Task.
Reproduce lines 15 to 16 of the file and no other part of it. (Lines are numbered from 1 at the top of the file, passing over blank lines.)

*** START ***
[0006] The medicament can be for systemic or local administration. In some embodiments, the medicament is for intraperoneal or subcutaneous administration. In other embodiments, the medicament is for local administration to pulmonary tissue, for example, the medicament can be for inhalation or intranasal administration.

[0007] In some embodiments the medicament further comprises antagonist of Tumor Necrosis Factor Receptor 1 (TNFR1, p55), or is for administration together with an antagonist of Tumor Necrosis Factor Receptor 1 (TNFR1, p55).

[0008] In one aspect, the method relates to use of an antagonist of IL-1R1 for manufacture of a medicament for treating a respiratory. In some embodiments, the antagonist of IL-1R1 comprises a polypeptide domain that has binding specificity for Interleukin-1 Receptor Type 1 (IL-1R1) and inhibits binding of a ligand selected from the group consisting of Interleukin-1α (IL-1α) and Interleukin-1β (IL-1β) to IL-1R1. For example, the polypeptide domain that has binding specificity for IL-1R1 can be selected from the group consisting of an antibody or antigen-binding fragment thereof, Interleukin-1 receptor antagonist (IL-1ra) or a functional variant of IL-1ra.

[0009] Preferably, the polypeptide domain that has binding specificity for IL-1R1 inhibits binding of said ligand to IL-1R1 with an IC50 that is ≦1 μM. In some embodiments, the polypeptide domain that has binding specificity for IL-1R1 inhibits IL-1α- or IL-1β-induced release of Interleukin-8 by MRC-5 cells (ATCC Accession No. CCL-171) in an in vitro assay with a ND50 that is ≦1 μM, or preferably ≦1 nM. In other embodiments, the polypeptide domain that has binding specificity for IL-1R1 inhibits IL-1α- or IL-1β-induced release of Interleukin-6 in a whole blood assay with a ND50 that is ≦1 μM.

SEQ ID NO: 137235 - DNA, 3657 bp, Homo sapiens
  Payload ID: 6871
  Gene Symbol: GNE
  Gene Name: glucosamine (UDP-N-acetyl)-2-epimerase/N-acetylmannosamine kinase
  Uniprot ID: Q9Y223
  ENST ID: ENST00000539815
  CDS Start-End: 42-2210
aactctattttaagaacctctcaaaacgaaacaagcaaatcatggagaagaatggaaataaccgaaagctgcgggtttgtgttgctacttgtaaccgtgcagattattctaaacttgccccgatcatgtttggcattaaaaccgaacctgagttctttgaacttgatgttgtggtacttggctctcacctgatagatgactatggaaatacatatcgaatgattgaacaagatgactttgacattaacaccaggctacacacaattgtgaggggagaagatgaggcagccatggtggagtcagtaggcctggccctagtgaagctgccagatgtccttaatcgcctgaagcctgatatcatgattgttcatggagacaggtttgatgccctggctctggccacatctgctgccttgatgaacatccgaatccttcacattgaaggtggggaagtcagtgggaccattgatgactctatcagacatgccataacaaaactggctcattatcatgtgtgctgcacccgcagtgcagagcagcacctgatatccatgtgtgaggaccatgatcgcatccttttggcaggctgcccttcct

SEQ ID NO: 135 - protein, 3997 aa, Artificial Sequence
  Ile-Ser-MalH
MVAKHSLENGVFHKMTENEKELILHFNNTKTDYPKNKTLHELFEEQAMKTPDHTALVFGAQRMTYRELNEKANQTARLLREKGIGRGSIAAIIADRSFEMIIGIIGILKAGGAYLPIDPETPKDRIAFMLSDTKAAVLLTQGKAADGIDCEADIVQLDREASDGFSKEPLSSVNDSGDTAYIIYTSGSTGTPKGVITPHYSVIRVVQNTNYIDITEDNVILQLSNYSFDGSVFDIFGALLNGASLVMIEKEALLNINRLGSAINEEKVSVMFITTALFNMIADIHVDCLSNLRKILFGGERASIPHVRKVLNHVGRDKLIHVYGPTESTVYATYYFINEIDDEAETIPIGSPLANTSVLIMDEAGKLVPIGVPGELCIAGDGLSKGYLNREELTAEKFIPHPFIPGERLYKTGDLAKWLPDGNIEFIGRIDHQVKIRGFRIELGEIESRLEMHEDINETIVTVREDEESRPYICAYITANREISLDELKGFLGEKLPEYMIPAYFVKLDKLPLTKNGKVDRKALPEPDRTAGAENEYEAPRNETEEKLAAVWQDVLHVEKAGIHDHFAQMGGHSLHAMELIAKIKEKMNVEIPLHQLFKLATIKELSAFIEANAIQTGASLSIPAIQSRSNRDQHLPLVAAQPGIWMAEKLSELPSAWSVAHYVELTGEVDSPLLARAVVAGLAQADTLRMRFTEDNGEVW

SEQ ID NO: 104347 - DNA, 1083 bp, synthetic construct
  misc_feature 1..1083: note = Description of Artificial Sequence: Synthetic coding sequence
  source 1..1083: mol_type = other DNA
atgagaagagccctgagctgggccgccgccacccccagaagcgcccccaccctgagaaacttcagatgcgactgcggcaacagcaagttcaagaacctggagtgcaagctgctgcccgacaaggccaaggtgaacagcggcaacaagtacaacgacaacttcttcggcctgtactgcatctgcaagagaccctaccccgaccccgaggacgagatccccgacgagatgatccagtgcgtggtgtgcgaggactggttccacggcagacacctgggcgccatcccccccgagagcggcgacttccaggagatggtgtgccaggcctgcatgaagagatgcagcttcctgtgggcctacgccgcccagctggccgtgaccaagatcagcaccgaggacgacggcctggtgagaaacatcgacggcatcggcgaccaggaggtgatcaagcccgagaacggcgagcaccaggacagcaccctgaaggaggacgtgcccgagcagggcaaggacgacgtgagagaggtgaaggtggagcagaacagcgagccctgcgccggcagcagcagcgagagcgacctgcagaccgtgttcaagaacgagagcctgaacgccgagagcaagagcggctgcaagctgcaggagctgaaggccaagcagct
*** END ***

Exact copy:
MVAKHSLENGVFHKMTENEKELILHFNNTKTDYPKNKTLHELFEEQAMKTPDHTALVFGAQRMTYRELNEKANQTARLLREKGIGRGSIAAIIADRSFEMIIGIIGILKAGGAYLPIDPETPKDRIAFMLSDTKAAVLLTQGKAADGIDCEADIVQLDREASDGFSKEPLSSVNDSGDTAYIIYTSGSTGTPKGVITPHYSVIRVVQNTNYIDITEDNVILQLSNYSFDGSVFDIFGALLNGASLVMIEKEALLNINRLGSAINEEKVSVMFITTALFNMIADIHVDCLSNLRKILFGGERASIPHVRKVLNHVGRDKLIHVYGPTESTVYATYYFINEIDDEAETIPIGSPLANTSVLIMDEAGKLVPIGVPGELCIAGDGLSKGYLNREELTAEKFIPHPFIPGERLYKTGDLAKWLPDGNIEFIGRIDHQVKIRGFRIELGEIESRLEMHEDINETIVTVREDEESRPYICAYITANREISLDELKGFLGEKLPEYMIPAYFVKLDKLPLTKNGKVDRKALPEPDRTAGAENEYEAPRNETEEKLAAVWQDVLHVEKAGIHDHFAQMGGHSLHAMELIAKIKEKMNVEIPLHQLFKLATIKELSAFIEANAIQTGASLSIPAIQSRSNRDQHLPLVAAQPGIWMAEKLSELPSAWSVAHYVELTGEVDSPLLARAVVAGLAQADTLRMRFTEDNGEVW

SEQ ID NO: 104347 - DNA, 1083 bp, synthetic construct